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Real estate record and builders' guide: v. 67, no. 1724: March 30, 1901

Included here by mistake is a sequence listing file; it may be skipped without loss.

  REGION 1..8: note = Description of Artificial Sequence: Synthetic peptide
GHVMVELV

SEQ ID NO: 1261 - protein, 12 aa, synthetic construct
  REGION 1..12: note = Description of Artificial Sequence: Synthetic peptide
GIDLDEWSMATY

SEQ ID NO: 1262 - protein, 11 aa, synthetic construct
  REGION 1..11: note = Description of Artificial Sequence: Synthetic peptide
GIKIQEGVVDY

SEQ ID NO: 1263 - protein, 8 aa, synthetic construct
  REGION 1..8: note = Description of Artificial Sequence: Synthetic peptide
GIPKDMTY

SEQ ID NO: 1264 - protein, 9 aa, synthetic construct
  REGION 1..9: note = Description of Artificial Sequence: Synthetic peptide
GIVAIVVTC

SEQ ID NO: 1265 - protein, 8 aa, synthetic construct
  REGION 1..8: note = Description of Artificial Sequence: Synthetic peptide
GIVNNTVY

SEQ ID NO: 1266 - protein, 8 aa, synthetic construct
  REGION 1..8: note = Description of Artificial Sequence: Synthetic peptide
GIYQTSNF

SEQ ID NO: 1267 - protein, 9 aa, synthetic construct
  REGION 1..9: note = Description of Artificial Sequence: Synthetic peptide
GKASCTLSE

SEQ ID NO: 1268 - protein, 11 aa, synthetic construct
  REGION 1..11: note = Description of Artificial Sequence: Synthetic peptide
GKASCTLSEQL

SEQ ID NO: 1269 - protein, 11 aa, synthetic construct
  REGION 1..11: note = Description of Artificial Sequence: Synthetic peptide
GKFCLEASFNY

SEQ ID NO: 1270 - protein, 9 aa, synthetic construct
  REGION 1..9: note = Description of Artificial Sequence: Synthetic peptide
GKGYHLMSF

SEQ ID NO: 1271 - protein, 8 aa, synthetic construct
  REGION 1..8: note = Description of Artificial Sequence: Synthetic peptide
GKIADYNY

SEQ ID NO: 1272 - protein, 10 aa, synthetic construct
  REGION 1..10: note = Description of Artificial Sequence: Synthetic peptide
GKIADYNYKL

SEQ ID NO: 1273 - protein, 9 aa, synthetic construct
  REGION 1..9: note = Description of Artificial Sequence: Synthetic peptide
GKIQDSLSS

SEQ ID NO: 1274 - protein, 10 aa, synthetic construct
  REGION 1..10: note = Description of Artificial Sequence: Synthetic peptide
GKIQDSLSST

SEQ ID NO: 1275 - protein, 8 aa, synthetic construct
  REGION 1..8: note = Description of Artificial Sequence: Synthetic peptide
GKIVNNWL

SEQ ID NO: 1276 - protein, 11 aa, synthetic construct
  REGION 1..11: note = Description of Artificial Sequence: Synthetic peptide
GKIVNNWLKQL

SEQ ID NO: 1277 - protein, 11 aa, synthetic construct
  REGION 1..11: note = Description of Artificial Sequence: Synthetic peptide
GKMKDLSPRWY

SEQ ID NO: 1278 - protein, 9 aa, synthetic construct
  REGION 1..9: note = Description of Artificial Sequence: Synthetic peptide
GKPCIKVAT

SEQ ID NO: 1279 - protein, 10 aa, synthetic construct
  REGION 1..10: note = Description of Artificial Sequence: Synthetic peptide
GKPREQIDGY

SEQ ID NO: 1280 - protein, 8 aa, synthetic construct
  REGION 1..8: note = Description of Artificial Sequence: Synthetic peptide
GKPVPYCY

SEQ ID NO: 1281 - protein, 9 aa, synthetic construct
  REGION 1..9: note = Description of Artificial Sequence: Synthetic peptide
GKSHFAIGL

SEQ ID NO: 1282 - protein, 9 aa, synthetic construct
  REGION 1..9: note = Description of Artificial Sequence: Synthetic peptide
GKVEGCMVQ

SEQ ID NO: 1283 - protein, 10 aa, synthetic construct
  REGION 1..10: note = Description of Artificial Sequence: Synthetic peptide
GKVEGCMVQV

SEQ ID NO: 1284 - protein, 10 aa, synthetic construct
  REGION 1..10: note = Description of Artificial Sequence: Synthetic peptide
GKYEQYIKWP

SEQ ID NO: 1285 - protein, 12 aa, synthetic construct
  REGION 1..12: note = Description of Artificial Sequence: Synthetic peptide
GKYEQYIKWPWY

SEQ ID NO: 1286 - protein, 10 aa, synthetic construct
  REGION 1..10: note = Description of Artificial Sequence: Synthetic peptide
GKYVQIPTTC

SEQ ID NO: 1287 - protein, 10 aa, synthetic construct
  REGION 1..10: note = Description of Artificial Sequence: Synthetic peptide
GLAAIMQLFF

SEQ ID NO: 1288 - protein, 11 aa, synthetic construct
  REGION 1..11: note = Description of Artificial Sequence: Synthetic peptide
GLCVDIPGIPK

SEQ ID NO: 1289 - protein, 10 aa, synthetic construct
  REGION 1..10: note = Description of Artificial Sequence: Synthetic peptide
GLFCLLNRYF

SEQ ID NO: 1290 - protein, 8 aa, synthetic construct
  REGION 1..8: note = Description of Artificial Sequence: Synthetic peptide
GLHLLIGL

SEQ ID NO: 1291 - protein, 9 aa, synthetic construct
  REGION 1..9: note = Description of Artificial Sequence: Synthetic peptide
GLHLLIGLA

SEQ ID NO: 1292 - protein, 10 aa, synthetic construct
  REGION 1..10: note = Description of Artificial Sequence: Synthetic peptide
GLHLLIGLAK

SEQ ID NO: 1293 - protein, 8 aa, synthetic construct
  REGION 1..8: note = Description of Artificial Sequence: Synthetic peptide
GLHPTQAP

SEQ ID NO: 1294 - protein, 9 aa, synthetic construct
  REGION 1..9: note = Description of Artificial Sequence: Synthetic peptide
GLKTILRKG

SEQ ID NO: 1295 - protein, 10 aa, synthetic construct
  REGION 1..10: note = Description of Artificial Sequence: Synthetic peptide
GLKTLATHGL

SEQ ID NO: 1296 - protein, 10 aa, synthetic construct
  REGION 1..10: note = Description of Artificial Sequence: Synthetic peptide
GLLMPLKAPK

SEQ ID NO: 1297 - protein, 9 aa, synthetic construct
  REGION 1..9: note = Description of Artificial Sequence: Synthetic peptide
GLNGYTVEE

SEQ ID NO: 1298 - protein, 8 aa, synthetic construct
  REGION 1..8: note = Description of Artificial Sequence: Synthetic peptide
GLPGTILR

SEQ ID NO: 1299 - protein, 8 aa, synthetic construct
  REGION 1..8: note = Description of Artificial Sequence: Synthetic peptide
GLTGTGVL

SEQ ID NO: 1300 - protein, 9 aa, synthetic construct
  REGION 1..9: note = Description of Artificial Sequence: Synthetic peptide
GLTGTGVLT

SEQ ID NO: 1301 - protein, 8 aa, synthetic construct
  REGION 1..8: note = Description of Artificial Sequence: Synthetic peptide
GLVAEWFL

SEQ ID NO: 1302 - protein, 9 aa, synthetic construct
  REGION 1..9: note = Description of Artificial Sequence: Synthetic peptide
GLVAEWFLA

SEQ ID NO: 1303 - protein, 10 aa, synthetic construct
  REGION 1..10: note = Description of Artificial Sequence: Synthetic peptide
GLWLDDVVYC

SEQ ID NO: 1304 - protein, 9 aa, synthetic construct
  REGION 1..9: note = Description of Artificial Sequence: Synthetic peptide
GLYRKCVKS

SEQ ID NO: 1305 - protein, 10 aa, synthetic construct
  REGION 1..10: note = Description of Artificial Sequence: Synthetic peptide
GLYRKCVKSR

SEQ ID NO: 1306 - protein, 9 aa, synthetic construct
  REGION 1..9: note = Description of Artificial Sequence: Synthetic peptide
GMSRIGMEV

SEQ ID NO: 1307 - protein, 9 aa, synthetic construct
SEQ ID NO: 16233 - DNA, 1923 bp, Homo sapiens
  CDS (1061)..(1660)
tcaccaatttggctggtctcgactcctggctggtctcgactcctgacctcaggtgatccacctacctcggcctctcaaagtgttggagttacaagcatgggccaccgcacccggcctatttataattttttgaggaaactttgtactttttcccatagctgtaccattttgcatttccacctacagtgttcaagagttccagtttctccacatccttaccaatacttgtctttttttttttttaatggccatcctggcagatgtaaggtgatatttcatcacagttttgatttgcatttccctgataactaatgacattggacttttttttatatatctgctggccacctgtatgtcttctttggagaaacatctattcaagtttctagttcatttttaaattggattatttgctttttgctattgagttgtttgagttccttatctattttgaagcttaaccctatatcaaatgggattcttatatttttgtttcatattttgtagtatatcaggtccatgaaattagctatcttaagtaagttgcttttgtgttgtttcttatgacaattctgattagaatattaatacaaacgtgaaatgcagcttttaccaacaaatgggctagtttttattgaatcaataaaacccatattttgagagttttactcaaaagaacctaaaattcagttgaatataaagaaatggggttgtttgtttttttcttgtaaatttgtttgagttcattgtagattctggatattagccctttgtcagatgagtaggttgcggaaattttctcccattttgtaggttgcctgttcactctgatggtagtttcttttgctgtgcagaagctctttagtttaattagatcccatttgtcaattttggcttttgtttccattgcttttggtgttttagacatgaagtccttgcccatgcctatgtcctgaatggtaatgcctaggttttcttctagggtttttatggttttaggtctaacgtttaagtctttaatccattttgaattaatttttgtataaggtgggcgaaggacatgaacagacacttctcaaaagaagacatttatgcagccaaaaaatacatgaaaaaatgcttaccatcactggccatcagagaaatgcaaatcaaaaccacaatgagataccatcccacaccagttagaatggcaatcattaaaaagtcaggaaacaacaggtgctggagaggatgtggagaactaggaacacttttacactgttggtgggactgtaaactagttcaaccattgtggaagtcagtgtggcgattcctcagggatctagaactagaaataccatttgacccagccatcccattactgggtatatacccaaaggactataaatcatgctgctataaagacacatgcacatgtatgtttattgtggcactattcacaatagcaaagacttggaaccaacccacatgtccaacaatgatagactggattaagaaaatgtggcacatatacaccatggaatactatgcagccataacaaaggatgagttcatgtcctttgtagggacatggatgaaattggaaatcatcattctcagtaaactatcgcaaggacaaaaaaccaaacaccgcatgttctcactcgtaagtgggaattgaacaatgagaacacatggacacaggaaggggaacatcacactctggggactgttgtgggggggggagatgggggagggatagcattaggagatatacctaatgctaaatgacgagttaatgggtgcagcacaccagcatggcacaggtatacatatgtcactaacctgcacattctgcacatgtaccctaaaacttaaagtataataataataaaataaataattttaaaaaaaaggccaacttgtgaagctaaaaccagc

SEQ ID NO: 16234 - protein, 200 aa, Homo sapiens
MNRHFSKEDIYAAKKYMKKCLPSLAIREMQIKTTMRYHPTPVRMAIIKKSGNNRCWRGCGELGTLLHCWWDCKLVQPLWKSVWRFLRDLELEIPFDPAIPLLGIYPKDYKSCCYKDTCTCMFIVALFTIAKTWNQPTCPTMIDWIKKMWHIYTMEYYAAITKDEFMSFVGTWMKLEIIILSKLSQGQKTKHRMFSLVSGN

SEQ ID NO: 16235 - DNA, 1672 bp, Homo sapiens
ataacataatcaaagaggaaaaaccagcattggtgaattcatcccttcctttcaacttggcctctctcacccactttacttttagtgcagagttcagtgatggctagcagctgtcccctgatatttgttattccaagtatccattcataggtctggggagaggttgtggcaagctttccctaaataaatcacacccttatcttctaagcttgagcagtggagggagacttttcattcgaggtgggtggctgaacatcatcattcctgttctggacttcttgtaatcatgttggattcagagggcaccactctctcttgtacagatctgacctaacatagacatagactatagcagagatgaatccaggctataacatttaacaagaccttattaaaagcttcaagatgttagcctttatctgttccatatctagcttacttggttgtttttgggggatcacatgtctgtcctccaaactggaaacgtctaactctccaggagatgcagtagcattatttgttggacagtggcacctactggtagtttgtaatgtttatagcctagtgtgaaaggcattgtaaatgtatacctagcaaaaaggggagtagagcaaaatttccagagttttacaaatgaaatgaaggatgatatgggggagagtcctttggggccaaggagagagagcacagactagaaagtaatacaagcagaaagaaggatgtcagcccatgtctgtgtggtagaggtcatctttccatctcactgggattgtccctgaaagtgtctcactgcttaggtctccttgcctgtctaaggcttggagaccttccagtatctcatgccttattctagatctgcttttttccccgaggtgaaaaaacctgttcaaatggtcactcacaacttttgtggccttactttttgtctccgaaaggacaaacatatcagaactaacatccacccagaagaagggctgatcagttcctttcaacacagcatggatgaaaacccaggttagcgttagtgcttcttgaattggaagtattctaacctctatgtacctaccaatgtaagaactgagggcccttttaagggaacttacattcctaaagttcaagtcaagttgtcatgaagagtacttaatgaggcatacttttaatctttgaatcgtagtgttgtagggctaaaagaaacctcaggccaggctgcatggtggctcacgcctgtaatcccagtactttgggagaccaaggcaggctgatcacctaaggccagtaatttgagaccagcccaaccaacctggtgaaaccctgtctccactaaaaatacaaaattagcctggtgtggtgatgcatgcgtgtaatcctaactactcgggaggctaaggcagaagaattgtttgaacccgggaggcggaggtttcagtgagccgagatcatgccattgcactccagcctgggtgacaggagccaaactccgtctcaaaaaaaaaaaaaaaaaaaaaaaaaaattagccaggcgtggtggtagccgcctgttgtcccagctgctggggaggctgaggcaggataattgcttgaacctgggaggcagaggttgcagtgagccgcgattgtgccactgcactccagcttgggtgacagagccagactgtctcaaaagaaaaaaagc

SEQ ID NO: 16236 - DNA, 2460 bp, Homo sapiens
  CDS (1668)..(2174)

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March 3®, ifoi. RECORD AND GUIDE. 537 Dp^tiD to ftfL EsTATi. BbiLDifJG ftipcKn-ECTURE .Hcni'^EiHOLJ) DEGcat^ntH, Business AJtoThemesofGeKeraI IriTO^Esi. PRICE PER YEAR IN ADVANCE SIX DOLLARS. Publiehed everv Saturday. TELEPHONE, COKTLANDT I37O, CommuDleailonit should be addressed to O, "W. STTMET, 14-18 TeseT Street. /. T. LINDSEY, Business Manager. "Entered at the Poat-Office ai New Tork. N. T.. aa aecond-rtana matter." Vol. LXVIL MARCH 30,1901, No, 1724. IN spite of the activity, at advEincing quotations, of some well- known railroad issues, the stock market of this week cannot he considered as altogether satisfactory from ..he bull standpoint. There has been realizing in a good many issues and some im¬ portant recessions iu prices, altogether revealing the condition of uncertainty that generally precedes a reactionary movement of any considerable proportions. The buoyancy of the public temper, the plentitude of money and the favorable outlook for general business ave still present, and have to be taken into consideration in forming general views. They have been instru¬ mental in preventing declines before, when quotations, in the minds of good judges, were beyond values, and even speculative values; and now, when priees are even higher than they were then, no one can say with positiveness that they will not pre¬ vail again. The cautious observer is discredited because he has been entirely wrong in his predictions on the course of prices for a couple of months past, and it will take some time and normal conditions before he is in credit again. But it does look as if we are coming to the point where the motives for booming stocks will have become exhausted for the time being, and they will be allowed to take care of themselves. We will then be able to ascertain how much of present values is due to manipu¬ lation and speculative fervor, and how much to the undoubtedly great prosperity of the railroads and the industries upon whicn Lhey are predicated. EVEN though the recalcitrant Boers refuse to assist the re¬ cuperation and regeneration of their country by laying down their arms, there are other,s who think the time has come when civil life and activity may be taken up again. In a small way mining has been resumed at Johannesburg, but the action of European capitalists largely interested in South Africa is still more indicative of the bettered prospects of that territory. Re¬ cently, M. Rouvier, ex-Minister of Finance, of brilliant record, was placed at the head of the French Bank of South Africa, aud it is naturally concluded that this step would not have been taken unless there were pretty good grounds for believing that the time had come when the bank could empioy its resources profitably in its selected field. A couple of weeks ago we pointed out some signs of a recovery in European business with the advent ol bpring, and m the interval several others have ap¬ peared. Not the least of these is tlie large naval programmes laid down by almost every one of the gi'eat Powers. The British Government alone will give out $45,000,000 of work to yards of private builders. The borrowing uy small and large Powers and by municipalities is considerable, and often for new works to be undertaken immediately, aud the demand for luouey for in¬ dustrial and commercial purposes is rather surprising, in view of the known and expected restrictions in various lines, in Great Britain and Germany particularly. Vet rates for money in London are strong, aud a correspondent in Berlin wi'ites, under a recent date: "Notwithstanding the decline in the general busi¬ ness situation, the demand for money in manufacturing centres continues comparatively strong. The private discount rate has risen as a consequence. Abont two months ago one of the features of the market was the arrival of money from industrial centres, where it was uot needed, to be placed at the disposition of the banks for discounts. It is quite remarkable tliat manu¬ facturing centres now show an increased demand for money, al¬ though prices of finished goods have continued to fall, and the. general state of business has grown less favorable. The rate for call money also now averages about 1 per cent, higher than in February." While these facts speak of an improved Euro¬ pean industrial situation, the investing public continues to evince a preference for the highest class of securities and take pretty promptly ali the public loans that are announced. ■■^HE resignation of Thomas J. Brady as Commiaaioner of -^ Buildings for the boroughs of Manhattan and the Bronx has been forwarded to Mayor Van Wyck, who will, It le under¬ stood, accept the same at the urgent request of the maker, Mr. Brady's letter resigning the important positions he has fliled with such credit is given In another column. When It was an¬ nounced last November that Mr, Brady intended to resign, we intimated that Superintendent John A. Dooner would be his successor whenever that intention was carried into effect. We have stronger reasons now for believing that that will be the case. Tenement House Bills —Landlord's Respon¬ sibility. OUR advices .from Albany confirm the view generally ex¬ pressed iu the daily newspapers that the bills presented by the Tenement House Commission will be enacted without any unnecessary delay. The new provisions as to construction and the nature and powers of the Tenement House Department it is proposed to create were given in our issue of March 2 last, and those who are interested in knowing what they are can there obtain the necessary information. It should be borne in mind that the bill relating to construction, etc, or the Code of Tenement House Laws, will, if passed in its preseut form, go into effect on receiving the Gubernatorial approval. The bill creating the Tenement House Department will not be effective until January 1, 1902; meantime the enforcement of the provi¬ sions of the first named bill will fall upon the Departments of Health and Buildings. Hitherto it has been customary to allow an interval of some duration to elapse between the passage of an act imposing important new building requirements and its effectuation; but in this case the framers of the Code of Tene¬ ment House Laws liave decided otherwise, and made their provisions applicable immediately on their enactment. Tbe bill specifically applies to "every tenement hereafter (that is, after the date when the act takes force) erected." Buildings in process of erection are provided for in Section 4, which says: "A tenement house not now (when the bill takes effect) com¬ pleted, but upon whicli work has been actually commenced, after approval of the plans tlierefor by the Department of Buildings, shall be subject only to the provisions of this act affecting now existing tenement houses." The provisions of the Code relating to prostitution in tene¬ ment houses have secured for the measure in which they are contained more support probably than any others. They have been specially indorsed by the Committee of Fifteen and promi¬ nent clergymen who have also petitioned for their enactment. These provisions are peculiar in that they throw upon tbe owners direct responsibility for the suppression of prostitution in the tenements; that is to say, the Vice Crusade of five years ago, having driven that form of wrong-doing into the tene¬ ments, the landlords are to drive it out again, and not the clergy and police, who are really to blame for its planting and growth there. It is admitted that this particular evil is ot recent growth. The way the landlord is to be made responsible is this: A house used for this improper purpose, with the per¬ mission of the owner or agent, is to be subject to a fine of one thousand dollars, collectable, if necessary, by the appointment of a receiver of the rents or by sale of the property. Permission is to be implied if the, owner or agent, having been served with notice by the Health Department that any of their tenants ai'e using their premises for the unlawful purpose specified, shall not within five days commence summary dispossess proceedings. Further, it is provided that in proceeding against the owner or agent: "The general reputatiou of the premises in the neigh¬ borhood shall be (competent evidence, but shall not be sufficient to support a judgment without corroborative evidence, and it shall be presumed that their use was with the permission of the owner and lessee; provided, that such presumption may be re¬ butted by evidence." Actions for recovery of penalties are to be taken iu the Supreme Court, and judgment is to be a lieu, sub¬ ject only to taxes, assessments and water rates, and to such mortgage and mechanics' liens as may exist thereon prior to the filing of the notice of pendency of action." In reference to that part of the subject of tenement house reform that relates to mere housing, we would like to again remind the Legislature that it is the speculative builder that has provided accommodation, with the exception of the merest fraction, for the yearly growth of many thousands in our teue¬ ment population, and that any changes made in structural re¬ quirements ought to be subordinated to this fact. In England, as we know, the housing of the poor has passed through all the stages—a philanthropic, commerco-philanthropic aud municipal —and is now passing into a state question, and there are not